Image: my laptop – I've been spending a lot of time here lately...
Like many who are not schoolteachers, NHS staff or other key workers, in these recent weeks I have been getting used to spending most of my time at home, getting very acquainted with Zoom and the various tools we are using for online teaching at the university where I work. It’s been quite enlightening (and at times quite shocking!) to see how this period of enforced restriction has affected my sense of time: little jobs can stretch out to fill a whole day, and often I will look at the clock (or the calendar!) and be startled to see how much time has passed.
A major challenge for younger academics is the increasing prevalence of both fixed-term contracts and institutional mobility. A year ago I wrote about moving from a university to a business environment, and now I'm back in a university again, with another shift in my research area. So I thought it might be helpful to share the story of these transitions and what I've learned through them.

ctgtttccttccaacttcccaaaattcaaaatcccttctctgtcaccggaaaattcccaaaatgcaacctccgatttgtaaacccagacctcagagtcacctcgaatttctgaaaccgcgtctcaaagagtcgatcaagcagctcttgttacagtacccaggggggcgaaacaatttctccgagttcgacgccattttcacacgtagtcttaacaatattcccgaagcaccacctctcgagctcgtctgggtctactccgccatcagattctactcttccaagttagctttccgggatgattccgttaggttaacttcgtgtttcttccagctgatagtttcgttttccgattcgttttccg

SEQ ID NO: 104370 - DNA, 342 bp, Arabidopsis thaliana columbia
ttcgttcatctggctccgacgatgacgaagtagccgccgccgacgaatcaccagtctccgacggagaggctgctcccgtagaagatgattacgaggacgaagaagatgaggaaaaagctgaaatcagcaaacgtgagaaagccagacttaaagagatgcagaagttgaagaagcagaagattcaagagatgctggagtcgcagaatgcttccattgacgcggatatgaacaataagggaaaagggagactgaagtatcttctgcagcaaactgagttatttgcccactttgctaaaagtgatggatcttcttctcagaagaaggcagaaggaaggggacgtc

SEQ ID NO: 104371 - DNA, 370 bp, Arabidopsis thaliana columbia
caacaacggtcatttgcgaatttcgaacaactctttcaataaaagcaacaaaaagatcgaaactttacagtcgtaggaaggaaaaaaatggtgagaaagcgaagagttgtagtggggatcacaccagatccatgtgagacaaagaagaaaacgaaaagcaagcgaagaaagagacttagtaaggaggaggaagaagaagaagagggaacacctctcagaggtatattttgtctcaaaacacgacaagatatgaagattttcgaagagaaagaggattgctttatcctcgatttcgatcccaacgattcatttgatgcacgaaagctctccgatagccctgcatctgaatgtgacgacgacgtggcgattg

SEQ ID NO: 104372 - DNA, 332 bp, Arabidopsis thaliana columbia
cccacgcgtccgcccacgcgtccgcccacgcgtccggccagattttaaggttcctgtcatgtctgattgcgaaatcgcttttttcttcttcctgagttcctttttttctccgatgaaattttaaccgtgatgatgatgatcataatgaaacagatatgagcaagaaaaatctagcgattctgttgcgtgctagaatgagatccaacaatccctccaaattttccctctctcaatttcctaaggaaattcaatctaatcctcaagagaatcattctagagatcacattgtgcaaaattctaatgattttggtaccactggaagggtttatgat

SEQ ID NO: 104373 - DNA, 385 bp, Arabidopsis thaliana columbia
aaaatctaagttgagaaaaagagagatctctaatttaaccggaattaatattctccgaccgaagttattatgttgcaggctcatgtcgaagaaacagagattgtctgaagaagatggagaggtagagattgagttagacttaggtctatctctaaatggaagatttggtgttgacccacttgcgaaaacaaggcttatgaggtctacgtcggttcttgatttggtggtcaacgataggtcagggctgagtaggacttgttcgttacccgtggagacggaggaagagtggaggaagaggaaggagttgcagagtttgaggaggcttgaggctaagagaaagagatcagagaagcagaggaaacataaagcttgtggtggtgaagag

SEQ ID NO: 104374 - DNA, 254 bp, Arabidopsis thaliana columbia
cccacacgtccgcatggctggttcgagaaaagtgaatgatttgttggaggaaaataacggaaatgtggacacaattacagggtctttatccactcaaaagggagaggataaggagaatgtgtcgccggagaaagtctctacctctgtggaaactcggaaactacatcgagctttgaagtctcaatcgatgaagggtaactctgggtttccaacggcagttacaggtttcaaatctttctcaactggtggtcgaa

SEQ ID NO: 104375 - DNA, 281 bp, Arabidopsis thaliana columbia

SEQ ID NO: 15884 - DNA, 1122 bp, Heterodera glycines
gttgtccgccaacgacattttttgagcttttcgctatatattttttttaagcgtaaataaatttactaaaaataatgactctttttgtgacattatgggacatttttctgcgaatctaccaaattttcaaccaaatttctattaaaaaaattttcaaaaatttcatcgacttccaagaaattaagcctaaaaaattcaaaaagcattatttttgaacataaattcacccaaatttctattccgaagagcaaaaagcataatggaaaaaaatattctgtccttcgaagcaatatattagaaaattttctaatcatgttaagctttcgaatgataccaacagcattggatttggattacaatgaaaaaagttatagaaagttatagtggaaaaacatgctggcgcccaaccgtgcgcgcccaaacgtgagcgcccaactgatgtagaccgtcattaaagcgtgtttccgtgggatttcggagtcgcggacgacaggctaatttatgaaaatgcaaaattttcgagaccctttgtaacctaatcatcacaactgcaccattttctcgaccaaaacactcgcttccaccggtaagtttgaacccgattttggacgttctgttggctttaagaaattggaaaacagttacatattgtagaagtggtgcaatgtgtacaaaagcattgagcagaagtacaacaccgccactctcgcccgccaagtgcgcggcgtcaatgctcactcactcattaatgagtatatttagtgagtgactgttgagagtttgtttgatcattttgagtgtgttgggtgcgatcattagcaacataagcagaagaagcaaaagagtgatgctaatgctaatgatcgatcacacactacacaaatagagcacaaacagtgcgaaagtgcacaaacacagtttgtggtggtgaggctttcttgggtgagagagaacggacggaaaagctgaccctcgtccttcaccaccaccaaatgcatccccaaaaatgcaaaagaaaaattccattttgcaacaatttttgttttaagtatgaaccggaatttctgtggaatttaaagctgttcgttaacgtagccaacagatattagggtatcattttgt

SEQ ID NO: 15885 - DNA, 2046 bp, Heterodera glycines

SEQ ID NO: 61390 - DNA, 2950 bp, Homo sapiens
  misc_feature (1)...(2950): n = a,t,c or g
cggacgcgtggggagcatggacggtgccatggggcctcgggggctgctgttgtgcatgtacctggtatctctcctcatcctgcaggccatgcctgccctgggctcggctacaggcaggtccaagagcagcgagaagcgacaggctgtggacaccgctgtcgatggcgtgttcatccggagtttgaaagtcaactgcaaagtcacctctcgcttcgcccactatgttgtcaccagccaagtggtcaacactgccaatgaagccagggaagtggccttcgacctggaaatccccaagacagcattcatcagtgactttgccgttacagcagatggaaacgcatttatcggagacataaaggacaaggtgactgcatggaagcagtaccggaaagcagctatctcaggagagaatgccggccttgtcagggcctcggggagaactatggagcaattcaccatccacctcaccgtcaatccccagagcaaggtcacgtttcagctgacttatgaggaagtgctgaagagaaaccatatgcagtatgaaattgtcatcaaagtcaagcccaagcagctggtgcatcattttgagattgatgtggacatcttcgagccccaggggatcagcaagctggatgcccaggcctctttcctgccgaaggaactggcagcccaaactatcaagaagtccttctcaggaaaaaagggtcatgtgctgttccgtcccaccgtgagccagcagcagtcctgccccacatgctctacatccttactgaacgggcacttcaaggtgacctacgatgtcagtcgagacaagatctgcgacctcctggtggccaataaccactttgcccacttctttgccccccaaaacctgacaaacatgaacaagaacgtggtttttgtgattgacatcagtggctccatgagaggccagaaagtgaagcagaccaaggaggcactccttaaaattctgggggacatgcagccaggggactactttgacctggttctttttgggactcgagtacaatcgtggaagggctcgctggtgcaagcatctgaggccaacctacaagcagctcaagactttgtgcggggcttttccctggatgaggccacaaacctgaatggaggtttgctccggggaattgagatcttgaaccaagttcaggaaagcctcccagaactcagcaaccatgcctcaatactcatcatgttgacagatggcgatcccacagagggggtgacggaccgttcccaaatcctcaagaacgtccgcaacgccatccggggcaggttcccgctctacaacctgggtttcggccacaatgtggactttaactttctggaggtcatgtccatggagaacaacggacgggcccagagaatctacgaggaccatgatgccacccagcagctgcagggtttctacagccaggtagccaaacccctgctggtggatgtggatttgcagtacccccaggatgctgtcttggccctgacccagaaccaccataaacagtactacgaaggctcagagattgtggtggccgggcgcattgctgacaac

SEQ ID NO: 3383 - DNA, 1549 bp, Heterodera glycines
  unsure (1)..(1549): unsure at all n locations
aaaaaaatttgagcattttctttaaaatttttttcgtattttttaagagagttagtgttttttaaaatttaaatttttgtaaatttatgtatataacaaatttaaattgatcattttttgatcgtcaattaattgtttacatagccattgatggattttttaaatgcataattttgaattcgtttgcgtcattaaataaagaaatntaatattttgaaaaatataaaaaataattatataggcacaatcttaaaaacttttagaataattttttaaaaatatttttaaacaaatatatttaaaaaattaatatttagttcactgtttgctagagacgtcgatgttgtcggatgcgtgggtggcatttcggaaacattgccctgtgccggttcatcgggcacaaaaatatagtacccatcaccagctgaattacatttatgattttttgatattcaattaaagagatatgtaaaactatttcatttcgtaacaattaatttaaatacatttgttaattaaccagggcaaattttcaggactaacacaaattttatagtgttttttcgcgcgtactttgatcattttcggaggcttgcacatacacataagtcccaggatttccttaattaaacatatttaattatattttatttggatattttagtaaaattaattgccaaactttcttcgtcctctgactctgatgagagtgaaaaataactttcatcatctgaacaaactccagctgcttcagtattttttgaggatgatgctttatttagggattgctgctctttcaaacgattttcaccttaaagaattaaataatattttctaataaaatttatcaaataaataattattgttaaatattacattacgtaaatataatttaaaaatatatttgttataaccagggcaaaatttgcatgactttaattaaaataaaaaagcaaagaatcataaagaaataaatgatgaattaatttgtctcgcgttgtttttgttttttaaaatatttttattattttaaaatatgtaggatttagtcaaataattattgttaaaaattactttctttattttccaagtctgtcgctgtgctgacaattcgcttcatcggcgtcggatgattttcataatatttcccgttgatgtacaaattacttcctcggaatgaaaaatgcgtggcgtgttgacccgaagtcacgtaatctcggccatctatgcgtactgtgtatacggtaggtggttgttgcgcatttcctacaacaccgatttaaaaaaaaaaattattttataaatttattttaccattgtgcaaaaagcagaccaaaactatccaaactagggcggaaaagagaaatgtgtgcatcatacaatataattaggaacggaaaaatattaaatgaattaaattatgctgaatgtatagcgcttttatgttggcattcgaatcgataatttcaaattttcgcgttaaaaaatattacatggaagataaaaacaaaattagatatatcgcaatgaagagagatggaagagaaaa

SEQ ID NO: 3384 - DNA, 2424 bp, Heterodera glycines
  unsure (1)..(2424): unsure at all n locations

In this post I’d like to reflect on a tension that I consider to be quite widespread within academia. ‘Critical thinking’ is often extolled as one of the core virtues necessary for the intellectual life: much university-level teaching is geared towards developing this skill, and it is viewed as foundational for effective research.
Is gentleness something academics should aspire to? If a colleague or a peer described you as gentle, would you be pleased, or a little worried?
It won't be news to anyone reading this blog that life as a researcher – perhaps particularly life as a doctoral student – can be, and often is, very isolating. You're working on a niche topic, which few other people may understand or seriously care about; your day-to-day research is self-driven and self-directed. Particularly in the humanities, there is often little to no organised time with peers.
'Where do you see yourself in five years' time?' It's a classic interview question – and one which I'm very glad I've not (yet) been asked. Have you ever been tempted to answer it with 'If it is the Lord's will, I will live and do this or that' (James 4:15)?